Understanding: Rogers also found that the relationship was significant to the extent that he felt a continuing desire to understand--a sensitive empathy with each of the client's feelings and communications as they seem to him at that moment. Acceptance, Rogers felt, does not mean much until it involves understanding. It is only as one UNDERSTANDS the feelings and thoughts which seem so horrible to the client, or so weak, or so sentimental, or so bizarre--it is only as one sees them as the client sees them, and accepts them and the client, that the client feels really free to explore all the hidden nooks and frightening crannies of his inner and often buried experience. This FREEDOM is an important condition of the relationship. There is implied here a freedom to explore oneself at both conscious and unconscious levels, as rapidly as one can dare to embark on this dangerous quest. There is also a complete freedom from any type of moral or diagnostic evaluation since all such evaluations are, Rogers believed, always threatening.

A full discussion of Roger's approach would require much more than a blog post. If you'd like to learn more, some places to start are here, here, or here.

The juicy stuff I wanted to talk about is the concept of unconditional positive regard. This might be what is most misunderstood about Carl Rogers as well as what I see most misrepresented in our collective consciousness. It's also probably Carl's greatest gift.

What we usually get goes something like this:
Owner comes home to discover the dog chewed the most favored pair of slippers. Owner says "bad dog!" Owner is likely to find some appropriate (in their eyes) method of punishment. Perhaps spanking with the chewed slippers, or a harsh yelling, or something of the sort. 
"What's wrong with you? You know better. Bad dog!"
These scene is repeated over and over across homes across America (and around the world, in places where dogs are kept as pets). Many wouldn't see a thing wrong with this.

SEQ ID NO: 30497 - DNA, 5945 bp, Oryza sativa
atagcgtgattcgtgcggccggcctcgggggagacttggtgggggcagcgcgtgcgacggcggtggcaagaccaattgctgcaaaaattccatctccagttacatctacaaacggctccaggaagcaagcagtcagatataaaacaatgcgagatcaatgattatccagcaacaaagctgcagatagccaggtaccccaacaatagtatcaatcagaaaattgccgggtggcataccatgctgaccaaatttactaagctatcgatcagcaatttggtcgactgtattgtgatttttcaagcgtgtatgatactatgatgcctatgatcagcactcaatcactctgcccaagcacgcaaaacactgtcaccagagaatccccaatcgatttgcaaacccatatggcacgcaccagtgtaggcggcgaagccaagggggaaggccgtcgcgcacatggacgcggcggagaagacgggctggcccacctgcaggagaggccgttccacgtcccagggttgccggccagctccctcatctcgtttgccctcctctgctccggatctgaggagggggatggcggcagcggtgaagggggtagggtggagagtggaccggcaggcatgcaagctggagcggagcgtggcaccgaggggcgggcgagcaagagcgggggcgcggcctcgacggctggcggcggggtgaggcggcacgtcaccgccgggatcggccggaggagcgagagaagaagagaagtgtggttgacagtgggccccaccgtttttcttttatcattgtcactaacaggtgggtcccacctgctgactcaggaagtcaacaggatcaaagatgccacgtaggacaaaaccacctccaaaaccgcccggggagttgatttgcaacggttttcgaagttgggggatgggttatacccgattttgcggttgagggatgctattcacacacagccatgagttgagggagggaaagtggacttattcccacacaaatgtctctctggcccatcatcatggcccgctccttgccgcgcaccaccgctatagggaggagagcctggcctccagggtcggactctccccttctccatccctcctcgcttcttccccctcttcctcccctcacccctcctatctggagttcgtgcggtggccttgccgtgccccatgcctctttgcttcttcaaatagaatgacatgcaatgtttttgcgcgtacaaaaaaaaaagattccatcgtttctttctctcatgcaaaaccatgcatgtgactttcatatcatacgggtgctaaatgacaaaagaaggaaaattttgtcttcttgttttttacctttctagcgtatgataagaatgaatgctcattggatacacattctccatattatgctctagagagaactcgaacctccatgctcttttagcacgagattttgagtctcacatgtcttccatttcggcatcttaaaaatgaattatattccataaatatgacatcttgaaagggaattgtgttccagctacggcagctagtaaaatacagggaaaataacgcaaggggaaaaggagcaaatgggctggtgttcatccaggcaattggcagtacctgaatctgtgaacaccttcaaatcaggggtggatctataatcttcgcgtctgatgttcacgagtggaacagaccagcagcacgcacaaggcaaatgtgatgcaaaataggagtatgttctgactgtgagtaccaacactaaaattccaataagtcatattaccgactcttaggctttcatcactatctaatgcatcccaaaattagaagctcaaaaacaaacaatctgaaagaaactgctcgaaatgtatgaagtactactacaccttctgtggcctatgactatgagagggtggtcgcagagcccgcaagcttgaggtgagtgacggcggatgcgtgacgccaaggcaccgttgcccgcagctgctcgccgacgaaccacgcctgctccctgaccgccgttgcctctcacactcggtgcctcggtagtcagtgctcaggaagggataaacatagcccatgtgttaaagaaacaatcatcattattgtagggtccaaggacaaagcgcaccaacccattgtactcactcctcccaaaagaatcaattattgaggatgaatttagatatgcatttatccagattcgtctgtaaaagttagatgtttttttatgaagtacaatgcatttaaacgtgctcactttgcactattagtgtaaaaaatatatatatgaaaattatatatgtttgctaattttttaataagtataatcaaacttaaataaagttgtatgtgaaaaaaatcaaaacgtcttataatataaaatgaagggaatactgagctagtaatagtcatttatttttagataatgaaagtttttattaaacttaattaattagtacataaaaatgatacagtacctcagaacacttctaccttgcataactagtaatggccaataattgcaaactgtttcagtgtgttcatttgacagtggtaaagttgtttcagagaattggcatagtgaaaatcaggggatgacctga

"We wouldn't want to spoil the dog. He needs limits. He needs to know I'm the pack leader."

Humans have similar sayings for human children -- "spare the rod, spoil the child" is one that comes to mind. What have you heard? Which ones have you used?

Let's push this one to the extreme and enter into a contemporary controversy. Those who fear unconditional positive regard the most tend to fear little ones will run amok and turn into directionless, shiftless, irresponsible and self-indulgent grown-ups if they are shown kindness and taught that they are important.

Take Michael Pearl, for example, who states his child-rearing techniques are modeled on "the same principles the Amish use to train their stubborn mules." The New York Times writes that "the Pearls provide instructions on using a switch from as early as six months to discourage misbehavior and describe how to make use of implements for hitting on the arms, legs or back, including a quarter-inch flexible plumbing line that, Mr. Pearl notes, "can be rolled up and carried in your pocket."

Before I get to far afield, let's get back to unconditional positive regard. First, however, let's talk about what it isn't. Unconditional positive regard isn't approval. Let me say that one more time. I will say it in nice big pleasing green letters. (if you really want to dive into the controversy of Pearl, try Google or look here or here)
Unconditional positive regard is not approval.
There is no expectation that an owner approves of their dog's shoe chewing behaviors. There is no expectation that a parent approves of their child's sassy behaviors. Unconditional positive regard isn't about unconditionally accepting behaviors.

Unconditional positive regard is providing care to another without any conditions or strings attached. Rogers wrote ..."of importance in creating a climate for change is acceptance, or caring or prizing - unconditional positive regard. it means that when the therapist is experiencing a positive, acceptant attitude toward whatever the client is at that moment, therapeutic movement or change is more likely. It involves the therapist's willingness for the client to be whatever immediate feeling is going on - confusion, resentment, fear, anger, courage, love, or pride. It is a non-possessive caring. the therapist prizes the client in a total rather than a conditional way."